St. Ann's Church and Cultural Center

St. Ann's Church and Cultural Center in Woonsocket is not only a national treasure, but perhaps one of global significance as its frescoes and stained glass windows are almost unparalleled. The Roman Catholic Diocese closed it as a place of worship about a decade ago. Since then, it has been used as a bingo hall and arts and cultural center on a limited basis, but that will not support the $1.2 million needed to make it water tight or the $5 million necessary for renovation. The $50,000 dollar annual maintenance costs is the least of its worries but this is America's treasure that cannot afford to be lost.

St. Ann Arts and Cultural Center is a non- profit corporation dedicated to the preservation of this former Roman Catholic Church. The Center's mission is to develop multiple venues of adaptive reuse for this endangered and irreplaceable, artistic and historical asset, thereby ensuring its preservation and producing a resource for the community.
 
The building, contrasted between 1913-1917 features over 40 exquisite stained glass windows made in France and installed 1923-1925, along with over 175 magnificent frescos hand painted in the 1940ís by Canadian artist Professor Guido Nincheri, who learned his craft in Florence, Italy.
 
For more about the talent show, upcoming happenings and the history of the facility, call 401-767-3777 or go to their website at www.stannartctr.org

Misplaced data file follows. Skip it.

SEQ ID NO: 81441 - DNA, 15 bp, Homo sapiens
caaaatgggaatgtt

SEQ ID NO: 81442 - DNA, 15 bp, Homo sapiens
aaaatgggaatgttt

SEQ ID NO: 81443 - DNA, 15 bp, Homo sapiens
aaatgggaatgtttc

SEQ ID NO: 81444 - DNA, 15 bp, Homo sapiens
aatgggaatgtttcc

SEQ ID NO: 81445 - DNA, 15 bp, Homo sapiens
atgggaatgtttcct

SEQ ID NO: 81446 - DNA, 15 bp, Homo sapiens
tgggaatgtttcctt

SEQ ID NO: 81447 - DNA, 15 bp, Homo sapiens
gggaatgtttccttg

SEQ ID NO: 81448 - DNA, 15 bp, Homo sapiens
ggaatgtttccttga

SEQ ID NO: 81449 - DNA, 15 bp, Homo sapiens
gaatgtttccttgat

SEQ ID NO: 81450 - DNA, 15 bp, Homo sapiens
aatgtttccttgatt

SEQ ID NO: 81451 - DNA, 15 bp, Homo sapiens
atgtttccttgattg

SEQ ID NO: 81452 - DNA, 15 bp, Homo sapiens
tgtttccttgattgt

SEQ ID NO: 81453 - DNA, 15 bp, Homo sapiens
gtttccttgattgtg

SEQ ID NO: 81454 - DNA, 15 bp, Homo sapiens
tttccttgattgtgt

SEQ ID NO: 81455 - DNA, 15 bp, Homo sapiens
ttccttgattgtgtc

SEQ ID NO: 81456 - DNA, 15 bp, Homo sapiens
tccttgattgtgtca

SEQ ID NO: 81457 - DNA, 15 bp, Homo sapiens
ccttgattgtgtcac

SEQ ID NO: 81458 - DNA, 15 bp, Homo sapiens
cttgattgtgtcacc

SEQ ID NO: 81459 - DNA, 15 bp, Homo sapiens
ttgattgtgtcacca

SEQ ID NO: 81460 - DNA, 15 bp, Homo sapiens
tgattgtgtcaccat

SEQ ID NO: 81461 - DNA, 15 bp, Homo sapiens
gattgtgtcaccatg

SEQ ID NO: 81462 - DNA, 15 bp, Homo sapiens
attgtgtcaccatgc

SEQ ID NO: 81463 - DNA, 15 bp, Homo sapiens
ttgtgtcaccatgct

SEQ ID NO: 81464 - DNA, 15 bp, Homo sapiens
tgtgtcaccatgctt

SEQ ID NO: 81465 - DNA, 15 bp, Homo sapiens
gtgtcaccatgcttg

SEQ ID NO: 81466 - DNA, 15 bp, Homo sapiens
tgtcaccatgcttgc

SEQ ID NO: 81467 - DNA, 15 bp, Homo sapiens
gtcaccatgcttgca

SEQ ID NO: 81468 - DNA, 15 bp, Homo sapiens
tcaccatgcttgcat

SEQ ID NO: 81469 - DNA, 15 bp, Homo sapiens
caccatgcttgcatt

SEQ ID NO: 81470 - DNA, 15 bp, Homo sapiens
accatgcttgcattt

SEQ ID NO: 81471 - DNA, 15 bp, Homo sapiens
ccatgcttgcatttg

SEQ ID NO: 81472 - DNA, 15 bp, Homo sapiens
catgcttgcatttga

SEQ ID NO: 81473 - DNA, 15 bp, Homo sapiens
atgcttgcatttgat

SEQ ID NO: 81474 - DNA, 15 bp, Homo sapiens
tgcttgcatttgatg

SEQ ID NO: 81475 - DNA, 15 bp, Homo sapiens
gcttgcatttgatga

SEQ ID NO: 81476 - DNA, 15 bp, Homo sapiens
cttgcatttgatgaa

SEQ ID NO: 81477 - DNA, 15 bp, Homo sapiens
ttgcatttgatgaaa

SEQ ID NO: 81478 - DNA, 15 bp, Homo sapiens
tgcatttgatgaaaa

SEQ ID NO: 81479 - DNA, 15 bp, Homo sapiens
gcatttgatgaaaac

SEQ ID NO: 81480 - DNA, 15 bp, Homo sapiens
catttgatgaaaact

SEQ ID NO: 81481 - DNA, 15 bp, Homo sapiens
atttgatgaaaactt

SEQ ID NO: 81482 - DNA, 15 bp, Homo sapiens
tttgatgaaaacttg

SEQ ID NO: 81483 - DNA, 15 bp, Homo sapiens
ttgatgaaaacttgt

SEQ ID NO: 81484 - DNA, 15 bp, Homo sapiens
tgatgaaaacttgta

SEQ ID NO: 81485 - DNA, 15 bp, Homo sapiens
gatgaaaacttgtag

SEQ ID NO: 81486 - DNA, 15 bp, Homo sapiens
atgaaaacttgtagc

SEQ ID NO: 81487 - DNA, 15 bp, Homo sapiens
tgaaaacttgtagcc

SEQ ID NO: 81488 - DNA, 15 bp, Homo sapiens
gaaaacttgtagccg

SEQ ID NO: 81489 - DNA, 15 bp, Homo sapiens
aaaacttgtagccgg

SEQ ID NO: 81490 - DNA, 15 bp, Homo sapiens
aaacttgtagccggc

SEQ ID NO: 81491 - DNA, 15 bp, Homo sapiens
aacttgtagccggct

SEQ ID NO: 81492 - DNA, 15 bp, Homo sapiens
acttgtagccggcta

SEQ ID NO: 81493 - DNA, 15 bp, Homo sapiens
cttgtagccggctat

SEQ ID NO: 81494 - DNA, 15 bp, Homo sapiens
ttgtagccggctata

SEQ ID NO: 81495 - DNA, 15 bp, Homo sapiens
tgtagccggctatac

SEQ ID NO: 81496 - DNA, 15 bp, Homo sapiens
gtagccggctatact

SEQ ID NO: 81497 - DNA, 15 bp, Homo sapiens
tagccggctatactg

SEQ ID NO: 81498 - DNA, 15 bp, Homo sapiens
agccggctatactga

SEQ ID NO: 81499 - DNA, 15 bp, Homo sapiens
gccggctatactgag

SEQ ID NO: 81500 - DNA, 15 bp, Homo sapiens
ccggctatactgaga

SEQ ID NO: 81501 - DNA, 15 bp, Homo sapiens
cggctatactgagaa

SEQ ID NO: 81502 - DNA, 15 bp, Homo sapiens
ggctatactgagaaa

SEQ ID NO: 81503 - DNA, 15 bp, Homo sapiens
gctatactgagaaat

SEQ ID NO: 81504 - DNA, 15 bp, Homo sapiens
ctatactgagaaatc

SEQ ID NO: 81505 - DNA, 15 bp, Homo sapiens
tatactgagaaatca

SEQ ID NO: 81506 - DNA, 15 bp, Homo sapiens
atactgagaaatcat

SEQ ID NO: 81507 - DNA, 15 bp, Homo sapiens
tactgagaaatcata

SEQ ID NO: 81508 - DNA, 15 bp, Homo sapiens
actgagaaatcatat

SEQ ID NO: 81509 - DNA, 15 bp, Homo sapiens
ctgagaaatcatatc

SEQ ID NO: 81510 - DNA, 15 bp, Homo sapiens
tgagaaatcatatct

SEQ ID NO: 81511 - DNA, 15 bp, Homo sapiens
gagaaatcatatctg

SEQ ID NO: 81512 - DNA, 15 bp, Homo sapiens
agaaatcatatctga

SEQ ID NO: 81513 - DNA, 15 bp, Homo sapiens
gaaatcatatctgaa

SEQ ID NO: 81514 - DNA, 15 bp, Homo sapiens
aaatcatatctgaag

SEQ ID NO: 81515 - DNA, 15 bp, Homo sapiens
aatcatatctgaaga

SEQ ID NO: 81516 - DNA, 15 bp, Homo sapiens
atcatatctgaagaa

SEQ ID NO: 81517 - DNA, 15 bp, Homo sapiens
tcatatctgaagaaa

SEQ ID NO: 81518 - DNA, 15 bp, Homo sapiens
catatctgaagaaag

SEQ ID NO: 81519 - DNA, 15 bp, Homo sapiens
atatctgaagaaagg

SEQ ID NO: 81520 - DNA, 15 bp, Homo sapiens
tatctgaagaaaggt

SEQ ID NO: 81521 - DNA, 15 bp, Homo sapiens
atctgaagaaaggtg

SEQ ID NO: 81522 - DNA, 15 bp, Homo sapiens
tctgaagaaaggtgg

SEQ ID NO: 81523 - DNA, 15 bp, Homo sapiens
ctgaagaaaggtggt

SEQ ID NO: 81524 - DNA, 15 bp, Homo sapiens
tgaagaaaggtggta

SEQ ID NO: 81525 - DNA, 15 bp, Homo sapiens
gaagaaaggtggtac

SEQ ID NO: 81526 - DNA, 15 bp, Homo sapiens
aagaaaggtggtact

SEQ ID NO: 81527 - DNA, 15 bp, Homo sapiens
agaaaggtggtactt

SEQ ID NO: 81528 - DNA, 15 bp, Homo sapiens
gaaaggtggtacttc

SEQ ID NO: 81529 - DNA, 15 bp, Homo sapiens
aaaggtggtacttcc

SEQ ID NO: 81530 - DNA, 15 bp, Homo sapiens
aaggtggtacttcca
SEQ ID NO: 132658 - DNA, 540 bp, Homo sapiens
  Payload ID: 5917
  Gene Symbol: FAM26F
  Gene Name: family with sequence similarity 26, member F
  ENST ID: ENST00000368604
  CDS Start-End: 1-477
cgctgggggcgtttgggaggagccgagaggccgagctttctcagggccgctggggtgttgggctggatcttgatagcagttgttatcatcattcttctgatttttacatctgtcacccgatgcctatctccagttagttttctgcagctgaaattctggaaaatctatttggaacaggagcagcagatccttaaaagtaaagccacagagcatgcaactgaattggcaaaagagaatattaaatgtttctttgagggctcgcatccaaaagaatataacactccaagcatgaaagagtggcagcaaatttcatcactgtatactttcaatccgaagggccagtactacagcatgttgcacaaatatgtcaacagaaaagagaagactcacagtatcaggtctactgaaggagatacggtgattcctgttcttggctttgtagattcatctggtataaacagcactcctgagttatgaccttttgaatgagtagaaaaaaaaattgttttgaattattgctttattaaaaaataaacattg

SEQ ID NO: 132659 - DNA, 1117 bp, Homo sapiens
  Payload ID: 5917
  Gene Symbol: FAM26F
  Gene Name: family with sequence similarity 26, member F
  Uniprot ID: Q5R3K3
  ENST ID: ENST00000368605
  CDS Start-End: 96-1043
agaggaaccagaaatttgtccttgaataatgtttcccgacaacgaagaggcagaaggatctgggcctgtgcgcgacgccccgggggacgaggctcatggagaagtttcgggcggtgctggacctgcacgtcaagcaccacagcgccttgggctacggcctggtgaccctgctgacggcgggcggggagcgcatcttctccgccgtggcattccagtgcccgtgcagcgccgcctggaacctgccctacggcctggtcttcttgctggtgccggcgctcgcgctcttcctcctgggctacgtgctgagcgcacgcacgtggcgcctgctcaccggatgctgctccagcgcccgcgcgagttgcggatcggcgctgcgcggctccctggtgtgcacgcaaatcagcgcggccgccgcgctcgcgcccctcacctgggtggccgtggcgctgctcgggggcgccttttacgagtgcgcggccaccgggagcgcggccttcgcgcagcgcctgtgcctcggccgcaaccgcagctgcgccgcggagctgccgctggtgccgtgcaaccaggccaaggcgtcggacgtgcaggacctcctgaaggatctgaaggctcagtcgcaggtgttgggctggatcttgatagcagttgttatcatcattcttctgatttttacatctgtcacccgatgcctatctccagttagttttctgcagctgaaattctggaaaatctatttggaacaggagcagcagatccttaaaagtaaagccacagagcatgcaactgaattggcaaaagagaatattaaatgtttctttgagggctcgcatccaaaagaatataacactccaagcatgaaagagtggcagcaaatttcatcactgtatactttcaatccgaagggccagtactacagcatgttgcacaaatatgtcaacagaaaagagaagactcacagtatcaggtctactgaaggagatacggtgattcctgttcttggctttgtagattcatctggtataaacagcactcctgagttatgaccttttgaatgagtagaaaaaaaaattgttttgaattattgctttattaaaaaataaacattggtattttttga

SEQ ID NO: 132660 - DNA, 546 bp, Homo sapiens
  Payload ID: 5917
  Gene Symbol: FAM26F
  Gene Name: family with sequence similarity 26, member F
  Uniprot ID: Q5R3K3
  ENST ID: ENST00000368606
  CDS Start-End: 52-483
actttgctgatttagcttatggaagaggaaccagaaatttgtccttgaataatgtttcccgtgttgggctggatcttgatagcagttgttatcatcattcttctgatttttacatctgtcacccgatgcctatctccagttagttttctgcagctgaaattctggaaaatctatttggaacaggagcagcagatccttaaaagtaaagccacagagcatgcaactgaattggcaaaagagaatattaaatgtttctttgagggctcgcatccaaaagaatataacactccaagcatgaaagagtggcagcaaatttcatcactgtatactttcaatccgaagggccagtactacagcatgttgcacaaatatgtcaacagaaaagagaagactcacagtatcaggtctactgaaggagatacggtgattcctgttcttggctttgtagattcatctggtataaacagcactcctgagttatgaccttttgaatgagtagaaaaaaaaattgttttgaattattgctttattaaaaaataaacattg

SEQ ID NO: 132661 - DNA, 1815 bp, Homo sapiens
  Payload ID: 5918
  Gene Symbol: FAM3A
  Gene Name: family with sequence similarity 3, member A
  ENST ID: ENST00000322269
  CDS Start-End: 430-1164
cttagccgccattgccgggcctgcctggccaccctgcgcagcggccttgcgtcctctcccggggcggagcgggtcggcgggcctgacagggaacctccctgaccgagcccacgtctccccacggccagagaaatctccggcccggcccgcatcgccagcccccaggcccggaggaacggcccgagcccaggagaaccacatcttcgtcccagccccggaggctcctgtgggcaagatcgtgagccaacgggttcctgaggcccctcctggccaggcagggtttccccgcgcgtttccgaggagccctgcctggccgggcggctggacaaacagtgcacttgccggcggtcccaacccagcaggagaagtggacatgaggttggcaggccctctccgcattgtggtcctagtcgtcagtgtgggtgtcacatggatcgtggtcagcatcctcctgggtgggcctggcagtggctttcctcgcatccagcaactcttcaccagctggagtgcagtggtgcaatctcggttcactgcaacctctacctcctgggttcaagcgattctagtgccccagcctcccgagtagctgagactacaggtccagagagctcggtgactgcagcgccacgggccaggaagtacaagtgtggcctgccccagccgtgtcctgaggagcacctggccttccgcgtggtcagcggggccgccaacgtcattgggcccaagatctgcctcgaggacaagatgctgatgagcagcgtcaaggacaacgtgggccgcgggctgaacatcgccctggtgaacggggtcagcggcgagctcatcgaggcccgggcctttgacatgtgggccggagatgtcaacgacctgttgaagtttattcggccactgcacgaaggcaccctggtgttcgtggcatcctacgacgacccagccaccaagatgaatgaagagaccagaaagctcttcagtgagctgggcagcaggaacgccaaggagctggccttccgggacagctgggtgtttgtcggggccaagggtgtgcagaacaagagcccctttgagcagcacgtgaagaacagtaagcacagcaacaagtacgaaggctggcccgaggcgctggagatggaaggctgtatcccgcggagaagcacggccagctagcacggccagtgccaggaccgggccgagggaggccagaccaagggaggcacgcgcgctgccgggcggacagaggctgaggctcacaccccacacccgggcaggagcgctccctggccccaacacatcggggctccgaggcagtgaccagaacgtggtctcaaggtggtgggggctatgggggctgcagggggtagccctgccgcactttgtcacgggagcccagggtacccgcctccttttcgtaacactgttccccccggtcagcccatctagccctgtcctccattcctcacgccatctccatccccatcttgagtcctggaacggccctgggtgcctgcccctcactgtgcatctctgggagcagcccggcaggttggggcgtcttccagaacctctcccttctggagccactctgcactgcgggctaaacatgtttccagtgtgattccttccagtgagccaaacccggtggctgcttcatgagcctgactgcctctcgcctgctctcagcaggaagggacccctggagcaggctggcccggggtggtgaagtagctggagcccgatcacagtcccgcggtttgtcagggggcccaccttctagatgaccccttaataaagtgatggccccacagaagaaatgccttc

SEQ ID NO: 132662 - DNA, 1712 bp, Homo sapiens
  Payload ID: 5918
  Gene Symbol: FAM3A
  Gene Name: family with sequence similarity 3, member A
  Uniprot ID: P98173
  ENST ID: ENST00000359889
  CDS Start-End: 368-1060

A charette was recently held with many interested stakeholders - former parishioners, preservationists, cultural and artistic proponents and others merely in love with the many others. The task ahead is huge - how to support and properly utilize an absolutely magnificent and significant part of our past and artistic national treasure. The frescoes will become even more vivid, according to "Wolf", the Northeast Director of Fresco Artistry in Maryland, who made an impromptu visit and fell in love with the grandeur and artwork so compelling. What shall happen with this lovely building, a connection to a noble yet humble past sacrificing to create a magnificent tribute as God's home for generations to come? As the months bring discussion, debate and options, Blackstone Daily will follow the collaboration of many whose passion for preserving building will surely create some positive venues. Currently, thoughts of joining with RISD (RI School of Design), and other colleges and historical preservationist sopcieties or use as a dinner theatre are but a few of the possibilities under discussion. But the building and its artwork is undeniably glorious in every aspect.

The photos do not even bring a small percentage of its magnificence to light as one is surrounded at all sides by these frescoes and stained glass and marble. It's a gem!

Some of the people gathered at the Charette June 11, 2004 to find ways to preserve and financially sustain this great, historic beauty!


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